To Munro or not to Munro (aka not going up Ben Nevis)

‘Are you going up Ben Nevis?’, ‘Have you been up Ben Nevis?’, ‘Do you want to come up Ben Nevis with us?’

It was probably my choice of accommodation – the SYHA Glen Nevis that meant Ben Nevis seemed to be the absolute focus of the vast majority of the guests. I didn’t go up Ben Nevis and people seemed genuinely shocked perhaps even appalled that I had made this choice. I really love mountains and I really love climbing tall ones but are we denying ourselves outdoor opportunities by religiously climbing the highest hill in the area or ticking off another Munro?

I had two fantastic long, challenging walks this weekend but neither involved a particularly high peak. Don’t get me wrong they involved a peak, every walk should have one but the height didn’t matter to me. My choices meant that after a good lung busting climb I reached a height where views were on offer and as I hope you can see from my photos they were spectacular. Had a climbed higher yes I would have been able to pat myself on the back for pushing myself literally up in the world but I would have seen the inside of an awful lot of clouds.

At dinner in the hostel I got chatting to two lovely fully signed up Munro ‘baggers’. One had crossed the halfway mark that day the other had just over 100 to go.  They both lived in Scotland and had met through a walking club that was full of fellow baggers! I love lists and the idea of climbing all the Scottish Munros is hugely appealing but I’m just not sure I’d ever want to start being a serious ‘bagger’ unless I could realistically see me completing the tick list. My current count is 3 so I suppose in effect I’ve already started; I asked the couple when they had given the idea some serious consideration and it seemed the ‘tip point’ was around 25. Maybe after my new year trip in the Cairngorms I’ll be on my way!

One day I’m almost sure I’ll be off into those cold damp clouds to tick off another summit but at the moment I’m more than happy with the delightful time I had walking some of the forgotten mini peaks of Glen Nevis.

The Routes

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Loch Linnie from the summit

Route 1: Meall an t-Suidhe – taking the main Ben Nevis path climb until the path flattens slightly near Lochan an t-Suidhe. Then aim for the top of the hill, there is no cairn or welcome party except the spectacular view down towards Fort William and Loch Linnie. Traverse the ridgeline and drop down level with the Northern end of the Lochan where you can cross the outflow stream and pick up a path back up towards the main ascent track. At the meeting point turn left for a spectacular walk along the base of Castle Ridge, then cross Allt a’Mhuilinn near the CIC hut and descend down towards the North face car park. If you haven’t managed to be crafty with your transport there is a shared cycle track back into Fort William which passes the Distillery and Inverlochy Castle for a little sightseeing on your return. It is possible to return up Glen Nevis without walking along the road by keeping to the western bank of the River Nevis (something which is not obvious from the OS maps of the area).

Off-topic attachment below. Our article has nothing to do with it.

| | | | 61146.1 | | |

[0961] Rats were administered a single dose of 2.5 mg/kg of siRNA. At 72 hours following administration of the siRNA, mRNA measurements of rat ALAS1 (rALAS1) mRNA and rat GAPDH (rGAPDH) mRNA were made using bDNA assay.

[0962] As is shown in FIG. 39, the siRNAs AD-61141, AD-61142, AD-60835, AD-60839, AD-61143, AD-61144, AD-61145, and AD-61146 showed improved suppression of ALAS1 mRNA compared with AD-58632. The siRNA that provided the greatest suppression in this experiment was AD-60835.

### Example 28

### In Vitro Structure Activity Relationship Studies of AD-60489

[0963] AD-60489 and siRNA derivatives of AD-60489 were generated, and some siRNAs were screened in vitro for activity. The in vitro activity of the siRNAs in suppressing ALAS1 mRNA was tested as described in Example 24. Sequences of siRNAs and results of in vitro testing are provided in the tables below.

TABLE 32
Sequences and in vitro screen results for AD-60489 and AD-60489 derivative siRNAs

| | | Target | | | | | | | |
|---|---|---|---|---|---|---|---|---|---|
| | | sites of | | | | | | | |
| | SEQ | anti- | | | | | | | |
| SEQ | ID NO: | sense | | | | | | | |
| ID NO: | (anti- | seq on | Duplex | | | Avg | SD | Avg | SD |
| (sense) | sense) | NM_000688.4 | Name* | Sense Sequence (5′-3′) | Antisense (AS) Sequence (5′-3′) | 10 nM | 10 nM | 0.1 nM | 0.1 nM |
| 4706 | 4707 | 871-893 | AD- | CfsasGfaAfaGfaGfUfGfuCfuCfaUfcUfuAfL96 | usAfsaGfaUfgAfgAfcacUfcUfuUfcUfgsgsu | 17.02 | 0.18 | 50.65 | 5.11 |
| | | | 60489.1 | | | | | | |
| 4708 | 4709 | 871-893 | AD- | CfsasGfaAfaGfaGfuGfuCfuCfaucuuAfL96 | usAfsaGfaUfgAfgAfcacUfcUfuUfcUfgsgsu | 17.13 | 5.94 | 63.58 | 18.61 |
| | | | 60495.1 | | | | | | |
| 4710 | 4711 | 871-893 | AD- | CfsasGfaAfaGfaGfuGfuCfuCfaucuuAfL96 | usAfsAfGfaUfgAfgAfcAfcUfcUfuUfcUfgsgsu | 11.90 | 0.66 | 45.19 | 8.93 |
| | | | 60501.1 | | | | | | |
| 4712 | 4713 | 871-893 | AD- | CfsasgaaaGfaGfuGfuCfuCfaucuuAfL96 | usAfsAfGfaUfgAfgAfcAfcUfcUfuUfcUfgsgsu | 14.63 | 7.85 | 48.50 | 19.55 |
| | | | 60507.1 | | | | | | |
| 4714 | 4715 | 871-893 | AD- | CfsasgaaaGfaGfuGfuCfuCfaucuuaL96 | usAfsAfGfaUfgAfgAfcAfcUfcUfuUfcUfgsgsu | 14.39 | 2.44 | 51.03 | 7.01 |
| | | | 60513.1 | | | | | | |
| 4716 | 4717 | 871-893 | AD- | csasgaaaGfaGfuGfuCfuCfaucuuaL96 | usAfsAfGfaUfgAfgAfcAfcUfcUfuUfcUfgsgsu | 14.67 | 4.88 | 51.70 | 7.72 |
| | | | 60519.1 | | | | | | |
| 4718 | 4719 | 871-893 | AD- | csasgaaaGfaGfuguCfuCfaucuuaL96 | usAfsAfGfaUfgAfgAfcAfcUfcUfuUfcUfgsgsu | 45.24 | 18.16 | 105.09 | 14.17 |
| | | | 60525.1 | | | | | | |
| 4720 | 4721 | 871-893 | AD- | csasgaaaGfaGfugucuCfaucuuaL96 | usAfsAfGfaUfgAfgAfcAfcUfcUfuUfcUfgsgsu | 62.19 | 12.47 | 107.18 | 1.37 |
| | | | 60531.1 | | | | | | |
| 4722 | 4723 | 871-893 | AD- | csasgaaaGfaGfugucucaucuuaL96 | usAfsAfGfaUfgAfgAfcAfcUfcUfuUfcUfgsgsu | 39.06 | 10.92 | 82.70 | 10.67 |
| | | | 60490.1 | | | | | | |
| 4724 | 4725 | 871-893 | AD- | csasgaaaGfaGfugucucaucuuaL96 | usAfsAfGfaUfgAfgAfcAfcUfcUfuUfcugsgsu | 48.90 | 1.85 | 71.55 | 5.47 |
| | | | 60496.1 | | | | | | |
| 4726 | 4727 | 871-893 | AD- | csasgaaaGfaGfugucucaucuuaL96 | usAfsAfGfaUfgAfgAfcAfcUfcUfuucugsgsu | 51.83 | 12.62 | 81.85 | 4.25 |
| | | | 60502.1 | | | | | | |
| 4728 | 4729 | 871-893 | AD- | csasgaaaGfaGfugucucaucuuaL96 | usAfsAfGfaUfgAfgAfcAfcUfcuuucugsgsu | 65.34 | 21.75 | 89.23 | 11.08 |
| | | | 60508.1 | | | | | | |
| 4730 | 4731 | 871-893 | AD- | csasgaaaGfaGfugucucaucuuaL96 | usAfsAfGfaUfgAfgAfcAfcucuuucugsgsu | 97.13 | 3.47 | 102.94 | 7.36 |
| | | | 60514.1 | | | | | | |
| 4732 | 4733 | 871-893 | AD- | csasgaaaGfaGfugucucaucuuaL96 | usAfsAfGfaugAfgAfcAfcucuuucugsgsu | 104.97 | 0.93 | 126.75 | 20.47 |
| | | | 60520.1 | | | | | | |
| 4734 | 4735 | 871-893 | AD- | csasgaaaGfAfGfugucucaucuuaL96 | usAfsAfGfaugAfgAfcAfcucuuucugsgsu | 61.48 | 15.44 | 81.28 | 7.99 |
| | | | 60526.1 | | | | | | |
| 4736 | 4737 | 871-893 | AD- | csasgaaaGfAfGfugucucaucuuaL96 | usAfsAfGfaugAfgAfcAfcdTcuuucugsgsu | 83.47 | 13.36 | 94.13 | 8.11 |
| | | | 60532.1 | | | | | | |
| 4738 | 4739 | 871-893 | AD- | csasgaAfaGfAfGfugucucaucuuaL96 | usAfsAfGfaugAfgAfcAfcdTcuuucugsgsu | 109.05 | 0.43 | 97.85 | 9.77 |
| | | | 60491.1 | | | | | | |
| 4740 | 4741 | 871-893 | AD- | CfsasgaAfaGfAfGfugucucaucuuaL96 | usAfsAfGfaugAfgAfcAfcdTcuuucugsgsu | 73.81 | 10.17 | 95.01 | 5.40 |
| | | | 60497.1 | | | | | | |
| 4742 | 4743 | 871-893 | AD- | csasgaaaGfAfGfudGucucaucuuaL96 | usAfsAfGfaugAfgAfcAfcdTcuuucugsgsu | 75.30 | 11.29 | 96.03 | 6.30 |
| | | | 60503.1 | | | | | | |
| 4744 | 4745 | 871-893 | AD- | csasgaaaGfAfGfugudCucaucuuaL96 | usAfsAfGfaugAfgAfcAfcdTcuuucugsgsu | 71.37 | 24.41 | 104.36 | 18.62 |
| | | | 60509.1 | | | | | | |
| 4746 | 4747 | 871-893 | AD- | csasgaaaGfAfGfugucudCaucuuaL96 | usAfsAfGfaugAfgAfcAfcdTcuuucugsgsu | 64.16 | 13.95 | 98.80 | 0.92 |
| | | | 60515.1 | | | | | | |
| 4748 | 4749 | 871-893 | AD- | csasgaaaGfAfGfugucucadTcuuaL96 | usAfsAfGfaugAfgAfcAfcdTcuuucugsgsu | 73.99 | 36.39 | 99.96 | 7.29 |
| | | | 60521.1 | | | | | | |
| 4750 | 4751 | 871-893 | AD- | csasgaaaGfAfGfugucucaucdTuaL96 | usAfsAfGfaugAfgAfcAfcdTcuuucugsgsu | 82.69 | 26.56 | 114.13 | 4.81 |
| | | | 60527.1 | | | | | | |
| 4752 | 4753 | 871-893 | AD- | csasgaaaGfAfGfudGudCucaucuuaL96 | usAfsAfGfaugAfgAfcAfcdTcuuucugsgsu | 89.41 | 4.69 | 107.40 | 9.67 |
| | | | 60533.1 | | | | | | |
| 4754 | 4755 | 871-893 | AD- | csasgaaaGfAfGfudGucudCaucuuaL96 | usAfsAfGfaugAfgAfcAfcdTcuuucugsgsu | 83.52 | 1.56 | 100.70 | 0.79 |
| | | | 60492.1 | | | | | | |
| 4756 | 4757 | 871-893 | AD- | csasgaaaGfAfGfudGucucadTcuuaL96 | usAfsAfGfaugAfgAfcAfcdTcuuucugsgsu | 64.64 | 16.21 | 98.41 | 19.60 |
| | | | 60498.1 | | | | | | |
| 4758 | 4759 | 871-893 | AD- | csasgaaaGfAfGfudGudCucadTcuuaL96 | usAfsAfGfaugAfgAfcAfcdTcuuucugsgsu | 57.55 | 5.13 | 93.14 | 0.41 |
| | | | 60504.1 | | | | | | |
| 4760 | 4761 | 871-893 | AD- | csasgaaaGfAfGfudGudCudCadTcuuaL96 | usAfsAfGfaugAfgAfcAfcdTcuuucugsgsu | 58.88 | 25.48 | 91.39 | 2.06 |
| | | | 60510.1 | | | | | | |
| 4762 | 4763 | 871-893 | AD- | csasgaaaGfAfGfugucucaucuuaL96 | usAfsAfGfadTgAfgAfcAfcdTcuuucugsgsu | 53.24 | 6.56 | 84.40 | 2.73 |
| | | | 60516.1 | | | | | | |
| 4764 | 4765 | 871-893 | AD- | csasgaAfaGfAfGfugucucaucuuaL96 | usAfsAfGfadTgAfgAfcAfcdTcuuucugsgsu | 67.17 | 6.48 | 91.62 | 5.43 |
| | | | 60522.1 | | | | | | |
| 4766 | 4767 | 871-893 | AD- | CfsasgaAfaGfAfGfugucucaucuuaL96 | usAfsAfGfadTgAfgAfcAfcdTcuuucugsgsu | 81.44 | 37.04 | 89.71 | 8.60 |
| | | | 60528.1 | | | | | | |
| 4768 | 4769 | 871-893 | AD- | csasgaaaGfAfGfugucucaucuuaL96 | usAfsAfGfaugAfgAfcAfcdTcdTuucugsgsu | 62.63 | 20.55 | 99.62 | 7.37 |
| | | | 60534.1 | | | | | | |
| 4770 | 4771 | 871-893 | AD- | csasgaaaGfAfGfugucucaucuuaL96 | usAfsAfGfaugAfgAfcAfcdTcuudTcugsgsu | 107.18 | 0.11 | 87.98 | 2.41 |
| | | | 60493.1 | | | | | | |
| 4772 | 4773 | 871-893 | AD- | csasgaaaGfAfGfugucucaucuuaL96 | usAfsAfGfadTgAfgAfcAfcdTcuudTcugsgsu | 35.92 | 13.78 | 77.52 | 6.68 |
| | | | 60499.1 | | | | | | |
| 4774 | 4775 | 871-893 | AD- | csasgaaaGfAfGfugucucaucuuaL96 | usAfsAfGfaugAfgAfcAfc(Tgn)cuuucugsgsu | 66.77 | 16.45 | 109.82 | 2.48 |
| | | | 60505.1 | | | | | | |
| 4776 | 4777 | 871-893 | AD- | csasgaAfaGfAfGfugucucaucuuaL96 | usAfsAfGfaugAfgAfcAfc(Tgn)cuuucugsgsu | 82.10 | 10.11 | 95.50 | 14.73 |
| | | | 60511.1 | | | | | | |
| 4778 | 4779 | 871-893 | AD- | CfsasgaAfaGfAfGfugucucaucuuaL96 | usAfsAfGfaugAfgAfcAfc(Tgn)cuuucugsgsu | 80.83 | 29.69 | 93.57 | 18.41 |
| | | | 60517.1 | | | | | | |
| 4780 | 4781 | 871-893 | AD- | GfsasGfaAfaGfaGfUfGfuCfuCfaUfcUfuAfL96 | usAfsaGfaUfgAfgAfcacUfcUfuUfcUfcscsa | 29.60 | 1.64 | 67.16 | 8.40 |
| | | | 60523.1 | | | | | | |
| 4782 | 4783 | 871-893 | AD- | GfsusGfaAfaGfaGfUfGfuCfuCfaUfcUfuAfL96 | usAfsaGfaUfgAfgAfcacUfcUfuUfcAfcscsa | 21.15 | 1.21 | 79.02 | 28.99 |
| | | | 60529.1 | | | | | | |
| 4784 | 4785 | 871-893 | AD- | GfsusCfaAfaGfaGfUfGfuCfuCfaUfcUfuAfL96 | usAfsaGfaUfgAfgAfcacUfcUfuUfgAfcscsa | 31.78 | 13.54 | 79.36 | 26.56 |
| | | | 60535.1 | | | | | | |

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Stunning autumn colours on the descent to the North Face CP
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Lochan an t’Suidhe

Route 2: Meall Cumhann – ideally you’d have a car and park at the far end of Glen Nevis, however if you don’t the walk in is pretty spectacular with a lovely off road section from lower falls. From the car park follow the obvious path along Glen Nevis until the stunning An Steall falls come into view. Carry on past the car park tourists on the wire bridge into the valley. At the next wooden footbridge do not cross but instead take the faint path up the western side of the river, after a vigorous but fairly short climb you arrive into a flat grassy area with a winding river running through it.

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A magical place cocooned by surrounding mountains
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An Steall
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Summit view

Surrounded by mountains on almost all sides this was truly one of the most beautiful places I’ve been in Scotland to date. A ‘light’ snow shower meant that I didn’t stick around long to appreciate it but instead headed by sight for the summit of Meall Cumhann, further panoramic views were found of Glen Nevis with occasional shafts on sunlight making a break through the cloud. Descending back to Bealach Cumhann there was a faint path back towards the car park, I think in hindsight I should have made more effort to contour the 600m line rather than descend in a higgledy piggledy fashion with a few stumbles and slips that must have provided some merriment for those in the car park below. Eventually a faint path to the side of Allt Coire Eoghiann should be located which will take you back down to the car park.

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Even in the rain I LOVE these mountains!

Practical bits and bobs

I traveled direct to Fort William from London via the Caledonian Express Sleeper Train. It was fantastic. Comfy bed, great nights sleep and arrived ready to hit the mountains all for less than the price of a flight. I can’t wait to take another trip with them – definitely my preferred method of arriving into Scotland from the south.

Normally I love staying in Youth Hostels but as a single traveler I found the number of large groups at Glen Nevis a bit off putting. I’ve never had problems with people helping themselves to my food or leaving the kitchen in a mess before but I probably wouldn’t choose to stay there again.

What are your thoughts on height for heights sake? I’d love to hear.

Zoe

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